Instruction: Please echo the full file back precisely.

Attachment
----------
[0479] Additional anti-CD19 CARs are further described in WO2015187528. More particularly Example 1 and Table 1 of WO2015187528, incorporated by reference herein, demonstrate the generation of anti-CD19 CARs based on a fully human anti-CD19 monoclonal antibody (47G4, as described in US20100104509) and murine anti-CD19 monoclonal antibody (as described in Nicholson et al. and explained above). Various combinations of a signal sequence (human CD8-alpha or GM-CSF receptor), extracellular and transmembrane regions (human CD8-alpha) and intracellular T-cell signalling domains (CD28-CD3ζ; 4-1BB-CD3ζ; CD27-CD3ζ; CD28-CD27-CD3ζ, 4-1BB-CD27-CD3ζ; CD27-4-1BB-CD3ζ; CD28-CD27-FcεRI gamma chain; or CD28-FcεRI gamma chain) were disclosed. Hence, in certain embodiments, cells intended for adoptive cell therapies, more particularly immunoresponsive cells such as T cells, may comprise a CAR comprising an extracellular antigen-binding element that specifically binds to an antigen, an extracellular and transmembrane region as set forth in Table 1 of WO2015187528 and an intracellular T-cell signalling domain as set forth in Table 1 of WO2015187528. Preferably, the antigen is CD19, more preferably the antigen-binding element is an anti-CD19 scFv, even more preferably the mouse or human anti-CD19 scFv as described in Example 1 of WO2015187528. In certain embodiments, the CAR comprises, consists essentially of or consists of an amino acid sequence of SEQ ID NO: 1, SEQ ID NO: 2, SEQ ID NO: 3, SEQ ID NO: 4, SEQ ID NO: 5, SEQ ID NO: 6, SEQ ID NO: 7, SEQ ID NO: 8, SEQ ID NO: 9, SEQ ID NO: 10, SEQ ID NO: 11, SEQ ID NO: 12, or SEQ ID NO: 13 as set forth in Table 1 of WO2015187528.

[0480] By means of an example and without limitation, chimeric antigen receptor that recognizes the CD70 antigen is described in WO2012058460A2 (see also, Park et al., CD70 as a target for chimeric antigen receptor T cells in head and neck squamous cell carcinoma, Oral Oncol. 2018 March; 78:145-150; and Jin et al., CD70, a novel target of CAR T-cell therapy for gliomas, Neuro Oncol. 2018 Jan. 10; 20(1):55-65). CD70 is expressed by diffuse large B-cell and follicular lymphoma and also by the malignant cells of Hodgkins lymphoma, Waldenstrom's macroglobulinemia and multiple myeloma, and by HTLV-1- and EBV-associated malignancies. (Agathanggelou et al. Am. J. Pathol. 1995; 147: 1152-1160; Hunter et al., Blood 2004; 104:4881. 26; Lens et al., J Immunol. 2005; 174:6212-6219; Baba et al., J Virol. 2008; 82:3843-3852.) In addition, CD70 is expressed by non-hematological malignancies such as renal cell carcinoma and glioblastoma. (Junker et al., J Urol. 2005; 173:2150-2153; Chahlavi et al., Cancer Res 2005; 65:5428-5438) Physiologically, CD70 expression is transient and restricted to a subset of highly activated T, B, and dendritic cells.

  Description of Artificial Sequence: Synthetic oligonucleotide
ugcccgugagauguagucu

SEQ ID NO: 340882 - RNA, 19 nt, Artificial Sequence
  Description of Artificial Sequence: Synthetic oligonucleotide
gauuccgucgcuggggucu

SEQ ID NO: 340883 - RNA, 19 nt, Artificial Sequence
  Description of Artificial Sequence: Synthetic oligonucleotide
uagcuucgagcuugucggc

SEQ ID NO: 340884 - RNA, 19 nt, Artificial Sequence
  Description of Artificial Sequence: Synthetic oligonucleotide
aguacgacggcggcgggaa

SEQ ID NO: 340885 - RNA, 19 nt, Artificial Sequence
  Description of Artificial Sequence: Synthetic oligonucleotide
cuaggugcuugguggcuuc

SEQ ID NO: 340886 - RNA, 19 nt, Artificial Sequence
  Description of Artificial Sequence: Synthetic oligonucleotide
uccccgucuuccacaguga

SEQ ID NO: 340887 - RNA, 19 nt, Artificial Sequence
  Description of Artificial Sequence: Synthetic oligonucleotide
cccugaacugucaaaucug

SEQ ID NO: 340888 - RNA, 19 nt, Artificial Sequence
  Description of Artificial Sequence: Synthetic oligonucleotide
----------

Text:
[0479] Additional anti-CD19 CARs are further described in WO2015187528. More particularly Example 1 and Table 1 of WO2015187528, incorporated by reference herein, demonstrate the generation of anti-CD19 CARs based on a fully human anti-CD19 monoclonal antibody (47G4, as described in US20100104509) and murine anti-CD19 monoclonal antibody (as described in Nicholson et al. and explained above). Various combinations of a signal sequence (human CD8-alpha or GM-CSF receptor), extracellular and transmembrane regions (human CD8-alpha) and intracellular T-cell signalling domains (CD28-CD3ζ; 4-1BB-CD3ζ; CD27-CD3ζ; CD28-CD27-CD3ζ, 4-1BB-CD27-CD3ζ; CD27-4-1BB-CD3ζ; CD28-CD27-FcεRI gamma chain; or CD28-FcεRI gamma chain) were disclosed. Hence, in certain embodiments, cells intended for adoptive cell therapies, more particularly immunoresponsive cells such as T cells, may comprise a CAR comprising an extracellular antigen-binding element that specifically binds to an antigen, an extracellular and transmembrane region as set forth in Table 1 of WO2015187528 and an intracellular T-cell signalling domain as set forth in Table 1 of WO2015187528. Preferably, the antigen is CD19, more preferably the antigen-binding element is an anti-CD19 scFv, even more preferably the mouse or human anti-CD19 scFv as described in Example 1 of WO2015187528. In certain embodiments, the CAR comprises, consists essentially of or consists of an amino acid sequence of SEQ ID NO: 1, SEQ ID NO: 2, SEQ ID NO: 3, SEQ ID NO: 4, SEQ ID NO: 5, SEQ ID NO: 6, SEQ ID NO: 7, SEQ ID NO: 8, SEQ ID NO: 9, SEQ ID NO: 10, SEQ ID NO: 11, SEQ ID NO: 12, or SEQ ID NO: 13 as set forth in Table 1 of WO2015187528.

[0480] By means of an example and without limitation, chimeric antigen receptor that recognizes the CD70 antigen is described in WO2012058460A2 (see also, Park et al., CD70 as a target for chimeric antigen receptor T cells in head and neck squamous cell carcinoma, Oral Oncol. 2018 March; 78:145-150; and Jin et al., CD70, a novel target of CAR T-cell therapy for gliomas, Neuro Oncol. 2018 Jan. 10; 20(1):55-65). CD70 is expressed by diffuse large B-cell and follicular lymphoma and also by the malignant cells of Hodgkins lymphoma, Waldenstrom's macroglobulinemia and multiple myeloma, and by HTLV-1- and EBV-associated malignancies. (Agathanggelou et al. Am. J. Pathol. 1995; 147: 1152-1160; Hunter et al., Blood 2004; 104:4881. 26; Lens et al., J Immunol. 2005; 174:6212-6219; Baba et al., J Virol. 2008; 82:3843-3852.) In addition, CD70 is expressed by non-hematological malignancies such as renal cell carcinoma and glioblastoma. (Junker et al., J Urol. 2005; 173:2150-2153; Chahlavi et al., Cancer Res 2005; 65:5428-5438) Physiologically, CD70 expression is transient and restricted to a subset of highly activated T, B, and dendritic cells.

  Description of Artificial Sequence: Synthetic oligonucleotide
ugcccgugagauguagucu

SEQ ID NO: 340882 - RNA, 19 nt, Artificial Sequence
  Description of Artificial Sequence: Synthetic oligonucleotide
gauuccgucgcuggggucu

SEQ ID NO: 340883 - RNA, 19 nt, Artificial Sequence
  Description of Artificial Sequence: Synthetic oligonucleotide
uagcuucgagcuugucggc

SEQ ID NO: 340884 - RNA, 19 nt, Artificial Sequence
  Description of Artificial Sequence: Synthetic oligonucleotide
aguacgacggcggcgggaa

SEQ ID NO: 340885 - RNA, 19 nt, Artificial Sequence
  Description of Artificial Sequence: Synthetic oligonucleotide
cuaggugcuugguggcuuc

SEQ ID NO: 340886 - RNA, 19 nt, Artificial Sequence
  Description of Artificial Sequence: Synthetic oligonucleotide
uccccgucuuccacaguga

SEQ ID NO: 340887 - RNA, 19 nt, Artificial Sequence
  Description of Artificial Sequence: Synthetic oligonucleotide
cccugaacugucaaaucug

SEQ ID NO: 340888 - RNA, 19 nt, Artificial Sequence
  Description of Artificial Sequence: Synthetic oligonucleotide